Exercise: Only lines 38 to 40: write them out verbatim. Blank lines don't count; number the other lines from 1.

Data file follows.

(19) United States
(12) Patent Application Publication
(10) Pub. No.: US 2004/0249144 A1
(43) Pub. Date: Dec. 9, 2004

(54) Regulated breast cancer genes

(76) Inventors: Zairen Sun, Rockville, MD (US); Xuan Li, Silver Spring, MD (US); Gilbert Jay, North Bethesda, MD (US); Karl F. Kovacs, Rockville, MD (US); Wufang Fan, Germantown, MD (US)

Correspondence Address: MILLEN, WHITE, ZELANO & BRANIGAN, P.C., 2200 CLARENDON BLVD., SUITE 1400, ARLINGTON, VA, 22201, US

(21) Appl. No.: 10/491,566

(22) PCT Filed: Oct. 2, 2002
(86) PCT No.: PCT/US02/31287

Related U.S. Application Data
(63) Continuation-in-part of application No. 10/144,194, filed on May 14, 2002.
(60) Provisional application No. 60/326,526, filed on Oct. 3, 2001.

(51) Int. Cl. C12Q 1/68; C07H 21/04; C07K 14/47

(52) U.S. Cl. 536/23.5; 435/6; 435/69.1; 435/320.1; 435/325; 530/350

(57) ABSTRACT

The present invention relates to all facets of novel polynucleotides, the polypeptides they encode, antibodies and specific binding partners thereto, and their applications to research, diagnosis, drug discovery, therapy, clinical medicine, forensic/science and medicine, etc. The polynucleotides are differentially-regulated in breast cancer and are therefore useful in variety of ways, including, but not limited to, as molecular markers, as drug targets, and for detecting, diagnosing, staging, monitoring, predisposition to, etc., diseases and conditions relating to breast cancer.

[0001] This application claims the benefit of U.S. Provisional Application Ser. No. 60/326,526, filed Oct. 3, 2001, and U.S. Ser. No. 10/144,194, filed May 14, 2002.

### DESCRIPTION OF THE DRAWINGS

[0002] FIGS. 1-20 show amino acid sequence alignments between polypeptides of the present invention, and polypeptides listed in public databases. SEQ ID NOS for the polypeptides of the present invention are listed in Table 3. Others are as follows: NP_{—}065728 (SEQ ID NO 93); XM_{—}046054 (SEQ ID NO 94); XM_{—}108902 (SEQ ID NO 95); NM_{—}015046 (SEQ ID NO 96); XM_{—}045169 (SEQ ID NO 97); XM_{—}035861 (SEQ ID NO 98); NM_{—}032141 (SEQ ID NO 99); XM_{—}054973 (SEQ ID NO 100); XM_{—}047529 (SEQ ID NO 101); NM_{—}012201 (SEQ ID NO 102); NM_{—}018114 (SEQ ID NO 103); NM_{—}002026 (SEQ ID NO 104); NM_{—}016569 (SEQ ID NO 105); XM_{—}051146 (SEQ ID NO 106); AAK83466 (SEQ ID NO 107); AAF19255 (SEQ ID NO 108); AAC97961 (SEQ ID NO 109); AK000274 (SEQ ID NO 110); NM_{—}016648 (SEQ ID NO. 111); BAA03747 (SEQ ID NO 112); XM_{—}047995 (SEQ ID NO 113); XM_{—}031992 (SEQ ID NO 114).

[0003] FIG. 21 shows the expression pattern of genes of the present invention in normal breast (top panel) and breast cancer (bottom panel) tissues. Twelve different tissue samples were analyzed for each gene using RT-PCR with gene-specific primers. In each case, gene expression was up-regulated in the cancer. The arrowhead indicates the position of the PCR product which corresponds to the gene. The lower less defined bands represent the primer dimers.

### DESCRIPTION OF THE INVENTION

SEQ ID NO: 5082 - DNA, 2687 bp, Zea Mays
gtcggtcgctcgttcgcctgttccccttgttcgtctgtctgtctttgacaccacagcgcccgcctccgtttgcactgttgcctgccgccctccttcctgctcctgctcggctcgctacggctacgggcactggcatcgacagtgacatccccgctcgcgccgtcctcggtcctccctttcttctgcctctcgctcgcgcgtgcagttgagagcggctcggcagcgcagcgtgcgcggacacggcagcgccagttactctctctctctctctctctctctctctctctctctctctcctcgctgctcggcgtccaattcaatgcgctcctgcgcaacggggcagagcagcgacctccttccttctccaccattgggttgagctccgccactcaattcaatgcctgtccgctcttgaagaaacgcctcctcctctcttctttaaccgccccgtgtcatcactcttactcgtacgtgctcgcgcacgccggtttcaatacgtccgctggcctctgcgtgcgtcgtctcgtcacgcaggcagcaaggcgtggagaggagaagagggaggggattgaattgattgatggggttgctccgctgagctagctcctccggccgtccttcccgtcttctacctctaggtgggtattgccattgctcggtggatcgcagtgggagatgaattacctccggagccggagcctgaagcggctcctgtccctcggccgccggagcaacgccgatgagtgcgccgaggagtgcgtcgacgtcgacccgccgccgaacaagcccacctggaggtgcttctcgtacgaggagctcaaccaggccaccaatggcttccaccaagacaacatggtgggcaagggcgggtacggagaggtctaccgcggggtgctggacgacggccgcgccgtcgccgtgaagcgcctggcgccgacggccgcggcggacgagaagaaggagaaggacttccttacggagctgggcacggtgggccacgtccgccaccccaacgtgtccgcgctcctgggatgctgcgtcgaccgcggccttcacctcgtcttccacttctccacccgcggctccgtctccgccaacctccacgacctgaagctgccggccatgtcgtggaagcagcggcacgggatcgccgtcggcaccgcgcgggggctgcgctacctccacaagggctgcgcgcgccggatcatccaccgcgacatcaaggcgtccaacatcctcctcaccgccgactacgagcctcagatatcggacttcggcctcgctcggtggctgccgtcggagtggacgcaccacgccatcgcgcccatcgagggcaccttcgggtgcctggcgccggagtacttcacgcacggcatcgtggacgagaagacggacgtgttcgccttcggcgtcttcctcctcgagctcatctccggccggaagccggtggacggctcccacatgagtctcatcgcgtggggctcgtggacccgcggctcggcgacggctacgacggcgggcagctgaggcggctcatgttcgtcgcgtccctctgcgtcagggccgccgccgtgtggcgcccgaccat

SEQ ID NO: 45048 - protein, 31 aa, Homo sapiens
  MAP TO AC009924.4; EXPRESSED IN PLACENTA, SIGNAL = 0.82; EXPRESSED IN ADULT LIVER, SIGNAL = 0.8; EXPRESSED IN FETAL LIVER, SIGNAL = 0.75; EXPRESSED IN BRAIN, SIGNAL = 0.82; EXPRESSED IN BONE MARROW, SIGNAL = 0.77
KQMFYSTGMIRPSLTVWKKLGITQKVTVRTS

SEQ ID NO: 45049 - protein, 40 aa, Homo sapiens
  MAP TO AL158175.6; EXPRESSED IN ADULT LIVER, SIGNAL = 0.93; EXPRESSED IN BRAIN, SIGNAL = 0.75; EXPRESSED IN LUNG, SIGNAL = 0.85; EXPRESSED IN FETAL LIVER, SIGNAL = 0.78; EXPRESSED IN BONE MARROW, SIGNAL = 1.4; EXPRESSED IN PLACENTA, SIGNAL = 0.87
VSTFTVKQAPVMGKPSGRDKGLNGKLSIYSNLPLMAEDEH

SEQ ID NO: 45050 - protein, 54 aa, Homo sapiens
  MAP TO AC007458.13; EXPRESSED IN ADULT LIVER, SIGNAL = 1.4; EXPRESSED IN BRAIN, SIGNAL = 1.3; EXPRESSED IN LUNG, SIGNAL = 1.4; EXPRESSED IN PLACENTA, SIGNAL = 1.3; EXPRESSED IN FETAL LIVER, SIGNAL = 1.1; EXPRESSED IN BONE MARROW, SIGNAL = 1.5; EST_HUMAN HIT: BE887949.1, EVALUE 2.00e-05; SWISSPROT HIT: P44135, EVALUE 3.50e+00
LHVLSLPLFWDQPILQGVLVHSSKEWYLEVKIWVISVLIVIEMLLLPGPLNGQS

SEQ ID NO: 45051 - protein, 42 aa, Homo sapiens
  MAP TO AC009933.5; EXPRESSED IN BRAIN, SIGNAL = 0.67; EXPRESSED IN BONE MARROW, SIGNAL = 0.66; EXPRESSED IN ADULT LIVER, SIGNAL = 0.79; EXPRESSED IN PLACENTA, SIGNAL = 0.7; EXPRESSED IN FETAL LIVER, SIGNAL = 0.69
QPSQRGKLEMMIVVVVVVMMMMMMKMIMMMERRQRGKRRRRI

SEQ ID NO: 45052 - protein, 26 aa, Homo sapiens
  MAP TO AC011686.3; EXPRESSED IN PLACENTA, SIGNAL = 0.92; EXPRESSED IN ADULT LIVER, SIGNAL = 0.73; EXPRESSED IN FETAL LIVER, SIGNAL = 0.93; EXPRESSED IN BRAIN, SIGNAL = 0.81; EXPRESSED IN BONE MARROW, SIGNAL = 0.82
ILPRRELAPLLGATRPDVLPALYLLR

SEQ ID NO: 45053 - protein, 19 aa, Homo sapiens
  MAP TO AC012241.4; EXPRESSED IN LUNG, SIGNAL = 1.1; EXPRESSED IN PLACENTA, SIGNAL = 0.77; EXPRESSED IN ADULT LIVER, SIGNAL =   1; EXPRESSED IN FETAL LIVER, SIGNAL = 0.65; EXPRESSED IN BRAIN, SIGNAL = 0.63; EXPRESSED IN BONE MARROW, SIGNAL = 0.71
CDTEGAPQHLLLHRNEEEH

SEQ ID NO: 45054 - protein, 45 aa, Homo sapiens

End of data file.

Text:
  MAP TO AC011686.3; EXPRESSED IN PLACENTA, SIGNAL = 0.92; EXPRESSED IN ADULT LIVER, SIGNAL = 0.73; EXPRESSED IN FETAL LIVER, SIGNAL = 0.93; EXPRESSED IN BRAIN, SIGNAL = 0.81; EXPRESSED IN BONE MARROW, SIGNAL = 0.82
ILPRRELAPLLGATRPDVLPALYLLR

SEQ ID NO: 45053 - protein, 19 aa, Homo sapiens